ADOTAS – When I first heard about Facebook’s new brand tagging feature, which allows users to connect photos to company pages via tagging, I immediately wondered, how can I abuse it?
What terribly offensive thing could I tag? Though not so offensive that I couldn’t write about it on Adotas… That was the hard part — the brand pages for Vaseline, Slim Jims, Cadbury Creme Eggs and more were right out.There’s so much terrible material out there for a creative yet juvenile mind.
I finally settled on a picture of myself playing bass in a shirt that was not flattering to my pectoral muscles — I tagged my rib cage “Playtex Sport.” I hit “View Playtex Sport photos,” and there was my torso, wrapped tight in an ill-fitting shirt.
I giggled. Then I thought about more devious tags I could add.
In theory, the ability to tag brand pages in photos is awesome for social media marketers. It certainly makes the task of finding brand influencers a lot easier — they come to you. I’m sure some people are wondering, “Who the hell would tag the company that made their shirt in a photo?” Well, a brand influencer — someone who really, really cares.
In our consumer culture, people love wearing clothing covered in brand names, effectively paying to advertise their favorite clothing line. And it’s not limited to fashion — consider the Apple diehards who proudly display all their iGear (while secretly fantasizing about kissing Steve Jobs’ feet).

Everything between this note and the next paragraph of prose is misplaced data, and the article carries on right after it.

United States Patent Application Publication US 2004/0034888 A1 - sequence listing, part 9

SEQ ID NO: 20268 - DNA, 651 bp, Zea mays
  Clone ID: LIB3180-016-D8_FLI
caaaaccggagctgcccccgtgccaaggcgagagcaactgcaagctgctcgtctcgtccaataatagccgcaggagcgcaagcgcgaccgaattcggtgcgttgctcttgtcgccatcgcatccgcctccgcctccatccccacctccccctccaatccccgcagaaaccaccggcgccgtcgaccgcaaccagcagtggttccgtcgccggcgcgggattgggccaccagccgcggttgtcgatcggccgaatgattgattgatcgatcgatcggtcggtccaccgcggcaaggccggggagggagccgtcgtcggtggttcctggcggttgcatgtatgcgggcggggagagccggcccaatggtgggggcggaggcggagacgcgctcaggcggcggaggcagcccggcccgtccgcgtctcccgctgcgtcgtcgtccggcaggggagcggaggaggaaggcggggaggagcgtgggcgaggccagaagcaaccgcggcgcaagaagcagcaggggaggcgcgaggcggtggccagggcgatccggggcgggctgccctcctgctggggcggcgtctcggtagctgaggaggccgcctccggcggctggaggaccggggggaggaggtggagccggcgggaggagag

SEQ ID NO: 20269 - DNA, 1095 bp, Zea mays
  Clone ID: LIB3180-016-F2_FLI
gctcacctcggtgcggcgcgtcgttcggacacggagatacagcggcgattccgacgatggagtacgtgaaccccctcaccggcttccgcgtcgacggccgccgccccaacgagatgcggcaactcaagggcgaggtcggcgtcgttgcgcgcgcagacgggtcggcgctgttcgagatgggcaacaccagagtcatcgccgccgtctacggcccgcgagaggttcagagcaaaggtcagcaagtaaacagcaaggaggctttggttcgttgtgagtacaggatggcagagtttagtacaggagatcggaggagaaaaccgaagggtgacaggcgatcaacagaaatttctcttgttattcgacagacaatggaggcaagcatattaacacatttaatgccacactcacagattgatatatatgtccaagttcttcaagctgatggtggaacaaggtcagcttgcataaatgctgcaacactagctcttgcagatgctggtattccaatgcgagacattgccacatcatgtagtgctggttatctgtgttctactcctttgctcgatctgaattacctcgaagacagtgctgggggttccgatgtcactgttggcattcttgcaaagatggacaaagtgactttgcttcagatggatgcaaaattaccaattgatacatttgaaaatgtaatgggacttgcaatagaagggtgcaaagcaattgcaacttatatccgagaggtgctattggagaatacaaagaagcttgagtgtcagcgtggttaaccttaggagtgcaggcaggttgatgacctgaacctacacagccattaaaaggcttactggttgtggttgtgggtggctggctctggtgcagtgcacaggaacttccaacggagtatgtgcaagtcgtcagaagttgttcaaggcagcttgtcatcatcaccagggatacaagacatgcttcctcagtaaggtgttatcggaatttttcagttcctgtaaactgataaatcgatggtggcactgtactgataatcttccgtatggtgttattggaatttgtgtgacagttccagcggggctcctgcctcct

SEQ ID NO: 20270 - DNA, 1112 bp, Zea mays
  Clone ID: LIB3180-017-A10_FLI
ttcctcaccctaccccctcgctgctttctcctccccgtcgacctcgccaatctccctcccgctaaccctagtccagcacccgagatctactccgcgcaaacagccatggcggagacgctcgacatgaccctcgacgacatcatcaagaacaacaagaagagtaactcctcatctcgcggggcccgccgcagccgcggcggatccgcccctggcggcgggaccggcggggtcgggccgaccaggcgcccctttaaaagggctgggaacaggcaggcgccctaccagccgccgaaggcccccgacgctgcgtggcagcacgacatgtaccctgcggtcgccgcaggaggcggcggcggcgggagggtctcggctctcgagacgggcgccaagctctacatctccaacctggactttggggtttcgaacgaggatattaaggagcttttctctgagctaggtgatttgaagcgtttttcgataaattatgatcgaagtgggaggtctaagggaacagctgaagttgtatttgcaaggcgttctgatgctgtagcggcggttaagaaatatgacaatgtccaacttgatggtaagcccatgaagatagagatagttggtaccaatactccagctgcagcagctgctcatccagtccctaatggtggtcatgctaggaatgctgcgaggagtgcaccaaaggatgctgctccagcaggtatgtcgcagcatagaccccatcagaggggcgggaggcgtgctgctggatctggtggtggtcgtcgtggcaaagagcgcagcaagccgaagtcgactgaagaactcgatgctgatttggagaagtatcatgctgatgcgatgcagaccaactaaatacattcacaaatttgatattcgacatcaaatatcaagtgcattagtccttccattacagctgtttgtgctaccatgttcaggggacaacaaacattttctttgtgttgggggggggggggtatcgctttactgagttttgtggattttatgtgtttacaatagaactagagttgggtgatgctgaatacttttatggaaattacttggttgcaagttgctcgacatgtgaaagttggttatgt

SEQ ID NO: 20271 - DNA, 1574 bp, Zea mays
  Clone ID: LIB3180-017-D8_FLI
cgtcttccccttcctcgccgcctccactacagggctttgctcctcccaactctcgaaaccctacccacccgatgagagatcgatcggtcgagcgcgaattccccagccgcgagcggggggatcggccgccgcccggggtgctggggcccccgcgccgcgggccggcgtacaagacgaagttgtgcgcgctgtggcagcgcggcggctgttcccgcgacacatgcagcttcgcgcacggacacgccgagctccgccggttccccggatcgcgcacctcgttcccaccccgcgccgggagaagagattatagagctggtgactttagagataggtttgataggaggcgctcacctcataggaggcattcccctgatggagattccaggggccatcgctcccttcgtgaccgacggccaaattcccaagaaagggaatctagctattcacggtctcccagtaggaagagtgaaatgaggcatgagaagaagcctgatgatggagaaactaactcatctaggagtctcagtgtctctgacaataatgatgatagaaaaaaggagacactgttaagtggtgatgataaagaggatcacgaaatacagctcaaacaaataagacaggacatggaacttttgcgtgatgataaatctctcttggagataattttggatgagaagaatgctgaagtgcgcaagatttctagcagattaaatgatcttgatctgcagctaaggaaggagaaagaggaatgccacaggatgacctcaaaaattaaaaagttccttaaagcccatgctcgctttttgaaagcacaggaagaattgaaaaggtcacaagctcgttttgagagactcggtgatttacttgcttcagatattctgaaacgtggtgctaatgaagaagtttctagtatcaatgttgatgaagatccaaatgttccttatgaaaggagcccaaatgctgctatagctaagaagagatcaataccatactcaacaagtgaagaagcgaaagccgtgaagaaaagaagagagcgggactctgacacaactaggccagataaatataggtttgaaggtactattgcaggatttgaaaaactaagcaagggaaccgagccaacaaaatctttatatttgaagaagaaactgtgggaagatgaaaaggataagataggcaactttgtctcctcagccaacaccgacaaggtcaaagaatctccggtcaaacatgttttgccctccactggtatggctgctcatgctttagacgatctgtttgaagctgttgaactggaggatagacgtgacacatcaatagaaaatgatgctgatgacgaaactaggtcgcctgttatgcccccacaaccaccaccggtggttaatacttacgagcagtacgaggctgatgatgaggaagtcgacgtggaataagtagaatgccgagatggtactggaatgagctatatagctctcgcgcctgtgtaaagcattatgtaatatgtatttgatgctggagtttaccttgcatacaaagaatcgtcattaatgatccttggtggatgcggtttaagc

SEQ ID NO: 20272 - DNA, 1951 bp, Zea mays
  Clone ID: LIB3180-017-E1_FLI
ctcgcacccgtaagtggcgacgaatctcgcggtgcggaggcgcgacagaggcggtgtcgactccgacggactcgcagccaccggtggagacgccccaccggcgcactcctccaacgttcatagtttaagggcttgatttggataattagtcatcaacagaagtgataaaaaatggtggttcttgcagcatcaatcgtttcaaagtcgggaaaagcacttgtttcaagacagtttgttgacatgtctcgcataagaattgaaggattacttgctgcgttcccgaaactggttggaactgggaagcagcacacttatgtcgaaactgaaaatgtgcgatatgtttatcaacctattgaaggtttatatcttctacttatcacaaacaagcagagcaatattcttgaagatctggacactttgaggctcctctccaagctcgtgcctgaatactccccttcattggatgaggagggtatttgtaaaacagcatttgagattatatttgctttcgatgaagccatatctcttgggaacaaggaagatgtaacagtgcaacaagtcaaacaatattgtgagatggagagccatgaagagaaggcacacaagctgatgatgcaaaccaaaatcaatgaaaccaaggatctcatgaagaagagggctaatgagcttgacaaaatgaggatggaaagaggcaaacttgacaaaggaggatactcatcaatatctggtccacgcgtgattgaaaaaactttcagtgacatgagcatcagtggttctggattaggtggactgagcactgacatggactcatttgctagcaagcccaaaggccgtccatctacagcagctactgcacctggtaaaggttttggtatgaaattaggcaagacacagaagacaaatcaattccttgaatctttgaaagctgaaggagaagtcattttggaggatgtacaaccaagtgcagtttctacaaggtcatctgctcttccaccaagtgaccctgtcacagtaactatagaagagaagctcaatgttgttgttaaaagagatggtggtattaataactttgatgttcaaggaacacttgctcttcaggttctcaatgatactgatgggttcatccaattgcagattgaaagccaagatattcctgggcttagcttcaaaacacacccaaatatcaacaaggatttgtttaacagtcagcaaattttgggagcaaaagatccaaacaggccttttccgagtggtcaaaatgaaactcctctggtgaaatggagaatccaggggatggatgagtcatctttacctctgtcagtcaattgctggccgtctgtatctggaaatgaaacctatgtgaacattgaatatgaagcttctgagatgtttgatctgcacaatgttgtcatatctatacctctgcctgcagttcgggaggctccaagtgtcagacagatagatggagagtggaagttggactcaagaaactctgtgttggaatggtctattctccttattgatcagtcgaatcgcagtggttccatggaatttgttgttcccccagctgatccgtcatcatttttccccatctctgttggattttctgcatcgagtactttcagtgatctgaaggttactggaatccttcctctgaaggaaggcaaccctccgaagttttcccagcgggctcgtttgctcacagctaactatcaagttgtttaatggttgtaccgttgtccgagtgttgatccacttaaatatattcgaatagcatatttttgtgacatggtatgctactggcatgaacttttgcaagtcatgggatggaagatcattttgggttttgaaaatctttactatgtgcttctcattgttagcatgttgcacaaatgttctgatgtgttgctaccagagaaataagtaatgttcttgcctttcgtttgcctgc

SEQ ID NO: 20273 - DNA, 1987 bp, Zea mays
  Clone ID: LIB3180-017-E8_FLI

In essence, such “product placement” is a way to display one’s social class status — I buy this brand so I must make this amount of money and have taste that ropes me into this clique. It only seems appropriate that such behavior would sneak onto Facebook. By enabling it, Facebook has really done brands a favor.
Facebook has considered user privacy concerns, so only public photos will also appear in a brand’s photos, and page administrators can disable brand tagging (the aforementioned brands might want to consider that).
The real worry should be miscreants like me raising havoc. Brand tagging could get out of control very quickly, and it could also be an effective consumer protest tool — imagine environmentalists and other outraged parties tagging pictures of oil-sodden ducks to BP’s page.